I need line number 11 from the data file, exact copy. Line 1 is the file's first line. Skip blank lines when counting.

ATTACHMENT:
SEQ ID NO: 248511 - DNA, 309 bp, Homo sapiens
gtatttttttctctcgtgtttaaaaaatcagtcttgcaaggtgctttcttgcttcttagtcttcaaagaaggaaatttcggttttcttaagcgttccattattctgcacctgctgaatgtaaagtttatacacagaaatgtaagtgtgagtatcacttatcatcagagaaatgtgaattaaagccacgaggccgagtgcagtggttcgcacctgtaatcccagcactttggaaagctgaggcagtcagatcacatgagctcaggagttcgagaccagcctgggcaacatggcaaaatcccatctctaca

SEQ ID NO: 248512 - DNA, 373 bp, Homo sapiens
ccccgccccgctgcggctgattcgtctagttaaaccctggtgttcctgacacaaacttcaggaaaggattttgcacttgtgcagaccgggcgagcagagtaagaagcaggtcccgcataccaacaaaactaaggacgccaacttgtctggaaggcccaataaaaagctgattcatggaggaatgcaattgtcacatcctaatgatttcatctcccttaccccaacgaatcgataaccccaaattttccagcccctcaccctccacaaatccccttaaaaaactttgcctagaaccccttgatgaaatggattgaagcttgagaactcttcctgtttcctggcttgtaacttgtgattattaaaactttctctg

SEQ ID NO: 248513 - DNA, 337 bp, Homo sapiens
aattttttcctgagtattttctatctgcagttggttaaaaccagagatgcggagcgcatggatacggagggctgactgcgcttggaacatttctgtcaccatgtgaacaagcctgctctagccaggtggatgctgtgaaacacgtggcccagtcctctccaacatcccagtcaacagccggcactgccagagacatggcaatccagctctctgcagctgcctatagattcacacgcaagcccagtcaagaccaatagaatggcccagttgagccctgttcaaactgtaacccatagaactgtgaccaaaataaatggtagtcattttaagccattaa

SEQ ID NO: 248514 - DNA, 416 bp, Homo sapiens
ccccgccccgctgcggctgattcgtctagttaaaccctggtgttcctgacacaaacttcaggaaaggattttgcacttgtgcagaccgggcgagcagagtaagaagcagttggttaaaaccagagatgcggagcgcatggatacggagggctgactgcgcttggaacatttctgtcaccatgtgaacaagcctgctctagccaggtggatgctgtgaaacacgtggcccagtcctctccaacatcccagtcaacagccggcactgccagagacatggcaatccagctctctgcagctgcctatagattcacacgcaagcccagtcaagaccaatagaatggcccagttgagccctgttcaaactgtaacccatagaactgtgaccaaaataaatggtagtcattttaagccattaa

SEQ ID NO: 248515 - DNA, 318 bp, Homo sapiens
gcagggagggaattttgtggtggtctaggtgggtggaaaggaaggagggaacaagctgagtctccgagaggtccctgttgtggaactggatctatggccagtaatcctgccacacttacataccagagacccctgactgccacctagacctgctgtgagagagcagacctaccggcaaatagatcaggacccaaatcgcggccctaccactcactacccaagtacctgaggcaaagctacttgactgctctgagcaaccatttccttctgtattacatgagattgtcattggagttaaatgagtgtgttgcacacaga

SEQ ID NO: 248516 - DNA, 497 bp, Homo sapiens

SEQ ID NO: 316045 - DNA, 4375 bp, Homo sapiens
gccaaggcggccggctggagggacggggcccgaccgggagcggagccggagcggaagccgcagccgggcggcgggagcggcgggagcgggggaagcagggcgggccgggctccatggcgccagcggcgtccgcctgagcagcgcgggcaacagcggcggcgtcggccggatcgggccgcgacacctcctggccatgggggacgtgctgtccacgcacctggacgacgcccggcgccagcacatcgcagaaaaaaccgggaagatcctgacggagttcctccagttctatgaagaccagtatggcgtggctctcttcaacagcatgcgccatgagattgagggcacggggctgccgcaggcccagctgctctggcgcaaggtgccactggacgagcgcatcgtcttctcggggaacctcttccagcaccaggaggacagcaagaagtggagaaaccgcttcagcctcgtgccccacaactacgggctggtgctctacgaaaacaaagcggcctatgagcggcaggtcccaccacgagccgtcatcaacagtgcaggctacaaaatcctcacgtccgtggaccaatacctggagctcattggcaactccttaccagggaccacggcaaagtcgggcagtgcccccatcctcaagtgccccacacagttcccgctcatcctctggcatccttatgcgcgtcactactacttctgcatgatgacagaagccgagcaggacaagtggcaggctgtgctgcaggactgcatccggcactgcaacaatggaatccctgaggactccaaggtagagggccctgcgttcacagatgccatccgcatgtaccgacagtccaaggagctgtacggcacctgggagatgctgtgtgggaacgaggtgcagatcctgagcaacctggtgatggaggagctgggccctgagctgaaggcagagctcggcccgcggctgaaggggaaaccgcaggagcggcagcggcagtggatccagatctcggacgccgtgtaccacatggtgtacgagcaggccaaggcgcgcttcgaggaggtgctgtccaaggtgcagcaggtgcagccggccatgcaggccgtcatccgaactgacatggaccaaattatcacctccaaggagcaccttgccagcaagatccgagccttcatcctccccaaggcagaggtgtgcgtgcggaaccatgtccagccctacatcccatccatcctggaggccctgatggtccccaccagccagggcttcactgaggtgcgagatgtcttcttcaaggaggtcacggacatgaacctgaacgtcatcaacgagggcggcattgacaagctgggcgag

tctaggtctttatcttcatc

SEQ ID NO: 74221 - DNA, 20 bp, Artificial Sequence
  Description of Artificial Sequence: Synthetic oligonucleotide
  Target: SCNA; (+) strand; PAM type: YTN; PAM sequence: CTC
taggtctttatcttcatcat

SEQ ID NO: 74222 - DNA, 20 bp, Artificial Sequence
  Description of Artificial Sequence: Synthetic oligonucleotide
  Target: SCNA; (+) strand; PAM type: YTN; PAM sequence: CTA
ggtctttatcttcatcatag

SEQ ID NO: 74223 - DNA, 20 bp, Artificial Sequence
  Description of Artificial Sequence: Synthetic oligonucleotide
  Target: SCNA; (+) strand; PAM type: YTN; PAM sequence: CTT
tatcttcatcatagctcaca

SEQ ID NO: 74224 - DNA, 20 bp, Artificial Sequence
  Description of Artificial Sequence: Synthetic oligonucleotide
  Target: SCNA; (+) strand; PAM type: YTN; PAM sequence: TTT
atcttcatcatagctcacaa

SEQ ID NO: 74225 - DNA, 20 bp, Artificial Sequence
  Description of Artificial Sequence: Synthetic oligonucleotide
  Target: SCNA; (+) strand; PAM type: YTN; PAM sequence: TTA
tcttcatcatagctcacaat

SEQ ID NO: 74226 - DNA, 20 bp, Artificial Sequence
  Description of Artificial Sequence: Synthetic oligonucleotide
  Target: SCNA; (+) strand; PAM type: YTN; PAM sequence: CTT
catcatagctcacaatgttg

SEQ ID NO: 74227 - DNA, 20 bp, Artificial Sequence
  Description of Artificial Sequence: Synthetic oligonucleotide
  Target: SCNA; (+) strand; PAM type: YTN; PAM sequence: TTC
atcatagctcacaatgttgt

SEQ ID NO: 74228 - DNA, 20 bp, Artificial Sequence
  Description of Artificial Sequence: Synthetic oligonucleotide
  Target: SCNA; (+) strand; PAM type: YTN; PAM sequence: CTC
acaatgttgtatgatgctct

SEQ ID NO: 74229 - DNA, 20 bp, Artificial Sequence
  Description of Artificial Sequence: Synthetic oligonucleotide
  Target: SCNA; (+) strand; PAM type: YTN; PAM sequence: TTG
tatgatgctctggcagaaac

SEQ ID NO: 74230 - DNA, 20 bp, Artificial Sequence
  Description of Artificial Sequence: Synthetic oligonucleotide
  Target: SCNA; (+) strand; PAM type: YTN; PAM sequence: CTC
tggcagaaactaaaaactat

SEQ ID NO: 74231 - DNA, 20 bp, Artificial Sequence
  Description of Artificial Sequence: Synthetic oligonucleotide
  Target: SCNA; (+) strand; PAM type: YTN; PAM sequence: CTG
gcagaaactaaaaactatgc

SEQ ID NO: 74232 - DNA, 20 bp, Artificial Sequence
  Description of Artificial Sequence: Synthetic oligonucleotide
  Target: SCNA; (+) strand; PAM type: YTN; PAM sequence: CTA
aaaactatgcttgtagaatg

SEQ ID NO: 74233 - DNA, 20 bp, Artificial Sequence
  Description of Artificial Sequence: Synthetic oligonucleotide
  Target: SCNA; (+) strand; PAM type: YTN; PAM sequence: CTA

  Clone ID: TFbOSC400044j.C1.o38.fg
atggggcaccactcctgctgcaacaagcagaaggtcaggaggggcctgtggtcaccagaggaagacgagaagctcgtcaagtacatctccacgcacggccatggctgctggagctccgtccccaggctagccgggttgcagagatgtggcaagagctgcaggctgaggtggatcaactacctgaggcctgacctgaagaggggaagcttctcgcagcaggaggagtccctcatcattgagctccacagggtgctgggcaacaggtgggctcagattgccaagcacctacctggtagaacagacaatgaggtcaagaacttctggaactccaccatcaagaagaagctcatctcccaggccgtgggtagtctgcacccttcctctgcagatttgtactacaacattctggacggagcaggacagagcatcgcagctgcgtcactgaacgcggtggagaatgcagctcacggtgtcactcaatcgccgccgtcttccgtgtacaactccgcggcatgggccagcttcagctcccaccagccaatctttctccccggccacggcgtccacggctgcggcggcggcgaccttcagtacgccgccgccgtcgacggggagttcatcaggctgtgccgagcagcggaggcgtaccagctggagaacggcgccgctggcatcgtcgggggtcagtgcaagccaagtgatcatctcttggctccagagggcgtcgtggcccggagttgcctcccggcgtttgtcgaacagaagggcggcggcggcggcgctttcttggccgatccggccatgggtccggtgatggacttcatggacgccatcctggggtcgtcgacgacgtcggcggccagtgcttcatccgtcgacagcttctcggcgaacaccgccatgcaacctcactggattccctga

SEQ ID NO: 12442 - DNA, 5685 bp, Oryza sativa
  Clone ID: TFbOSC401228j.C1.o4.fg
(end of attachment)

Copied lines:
SEQ ID NO: 248516 - DNA, 497 bp, Homo sapiens